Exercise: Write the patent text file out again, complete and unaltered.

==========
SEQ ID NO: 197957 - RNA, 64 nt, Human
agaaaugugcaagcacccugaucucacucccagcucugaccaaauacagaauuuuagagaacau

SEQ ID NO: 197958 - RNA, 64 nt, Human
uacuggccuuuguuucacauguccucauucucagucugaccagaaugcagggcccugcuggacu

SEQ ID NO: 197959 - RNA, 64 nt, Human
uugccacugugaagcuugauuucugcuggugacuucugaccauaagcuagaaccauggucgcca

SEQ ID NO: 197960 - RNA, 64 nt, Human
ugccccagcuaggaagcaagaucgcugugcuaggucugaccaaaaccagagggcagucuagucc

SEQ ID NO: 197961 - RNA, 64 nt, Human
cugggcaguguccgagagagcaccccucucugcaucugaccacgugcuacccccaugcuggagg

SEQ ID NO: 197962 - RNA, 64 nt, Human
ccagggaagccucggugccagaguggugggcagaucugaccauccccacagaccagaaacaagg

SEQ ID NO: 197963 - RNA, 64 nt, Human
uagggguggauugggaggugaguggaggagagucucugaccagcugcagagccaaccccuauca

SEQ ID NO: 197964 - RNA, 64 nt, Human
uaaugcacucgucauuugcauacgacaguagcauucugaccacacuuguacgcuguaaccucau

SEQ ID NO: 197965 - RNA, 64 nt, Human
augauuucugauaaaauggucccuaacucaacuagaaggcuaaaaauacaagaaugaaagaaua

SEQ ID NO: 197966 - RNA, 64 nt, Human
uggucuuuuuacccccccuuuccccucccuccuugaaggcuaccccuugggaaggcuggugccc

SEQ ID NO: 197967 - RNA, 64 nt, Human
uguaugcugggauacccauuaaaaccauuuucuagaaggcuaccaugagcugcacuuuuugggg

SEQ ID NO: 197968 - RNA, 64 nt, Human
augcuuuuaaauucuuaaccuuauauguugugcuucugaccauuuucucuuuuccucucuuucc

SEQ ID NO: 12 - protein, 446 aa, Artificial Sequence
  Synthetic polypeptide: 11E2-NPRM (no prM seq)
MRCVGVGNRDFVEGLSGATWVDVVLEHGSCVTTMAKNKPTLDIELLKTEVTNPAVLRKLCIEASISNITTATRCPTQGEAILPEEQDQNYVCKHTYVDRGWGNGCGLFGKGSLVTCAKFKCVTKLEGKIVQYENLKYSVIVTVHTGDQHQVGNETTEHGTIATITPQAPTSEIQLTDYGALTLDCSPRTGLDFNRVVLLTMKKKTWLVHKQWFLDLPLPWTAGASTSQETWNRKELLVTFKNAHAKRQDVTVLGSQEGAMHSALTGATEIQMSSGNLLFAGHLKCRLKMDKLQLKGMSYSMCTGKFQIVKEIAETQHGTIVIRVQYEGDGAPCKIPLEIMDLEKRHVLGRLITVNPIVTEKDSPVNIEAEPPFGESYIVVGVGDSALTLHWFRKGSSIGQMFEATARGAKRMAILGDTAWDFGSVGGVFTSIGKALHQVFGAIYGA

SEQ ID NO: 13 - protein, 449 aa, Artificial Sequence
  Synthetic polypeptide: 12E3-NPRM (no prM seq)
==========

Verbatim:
SEQ ID NO: 197957 - RNA, 64 nt, Human
agaaaugugcaagcacccugaucucacucccagcucugaccaaauacagaauuuuagagaacau

SEQ ID NO: 197958 - RNA, 64 nt, Human
uacuggccuuuguuucacauguccucauucucagucugaccagaaugcagggcccugcuggacu

SEQ ID NO: 197959 - RNA, 64 nt, Human
uugccacugugaagcuugauuucugcuggugacuucugaccauaagcuagaaccauggucgcca

SEQ ID NO: 197960 - RNA, 64 nt, Human
ugccccagcuaggaagcaagaucgcugugcuaggucugaccaaaaccagagggcagucuagucc

SEQ ID NO: 197961 - RNA, 64 nt, Human
cugggcaguguccgagagagcaccccucucugcaucugaccacgugcuacccccaugcuggagg

SEQ ID NO: 197962 - RNA, 64 nt, Human
ccagggaagccucggugccagaguggugggcagaucugaccauccccacagaccagaaacaagg

SEQ ID NO: 197963 - RNA, 64 nt, Human
uagggguggauugggaggugaguggaggagagucucugaccagcugcagagccaaccccuauca

SEQ ID NO: 197964 - RNA, 64 nt, Human
uaaugcacucgucauuugcauacgacaguagcauucugaccacacuuguacgcuguaaccucau

SEQ ID NO: 197965 - RNA, 64 nt, Human
augauuucugauaaaauggucccuaacucaacuagaaggcuaaaaauacaagaaugaaagaaua

SEQ ID NO: 197966 - RNA, 64 nt, Human
uggucuuuuuacccccccuuuccccucccuccuugaaggcuaccccuugggaaggcuggugccc

SEQ ID NO: 197967 - RNA, 64 nt, Human
uguaugcugggauacccauuaaaaccauuuucuagaaggcuaccaugagcugcacuuuuugggg

SEQ ID NO: 197968 - RNA, 64 nt, Human
augcuuuuaaauucuuaaccuuauauguugugcuucugaccauuuucucuuuuccucucuuucc

SEQ ID NO: 12 - protein, 446 aa, Artificial Sequence
  Synthetic polypeptide: 11E2-NPRM (no prM seq)
MRCVGVGNRDFVEGLSGATWVDVVLEHGSCVTTMAKNKPTLDIELLKTEVTNPAVLRKLCIEASISNITTATRCPTQGEAILPEEQDQNYVCKHTYVDRGWGNGCGLFGKGSLVTCAKFKCVTKLEGKIVQYENLKYSVIVTVHTGDQHQVGNETTEHGTIATITPQAPTSEIQLTDYGALTLDCSPRTGLDFNRVVLLTMKKKTWLVHKQWFLDLPLPWTAGASTSQETWNRKELLVTFKNAHAKRQDVTVLGSQEGAMHSALTGATEIQMSSGNLLFAGHLKCRLKMDKLQLKGMSYSMCTGKFQIVKEIAETQHGTIVIRVQYEGDGAPCKIPLEIMDLEKRHVLGRLITVNPIVTEKDSPVNIEAEPPFGESYIVVGVGDSALTLHWFRKGSSIGQMFEATARGAKRMAILGDTAWDFGSVGGVFTSIGKALHQVFGAIYGA

SEQ ID NO: 13 - protein, 449 aa, Artificial Sequence
  Synthetic polypeptide: 12E3-NPRM (no prM seq)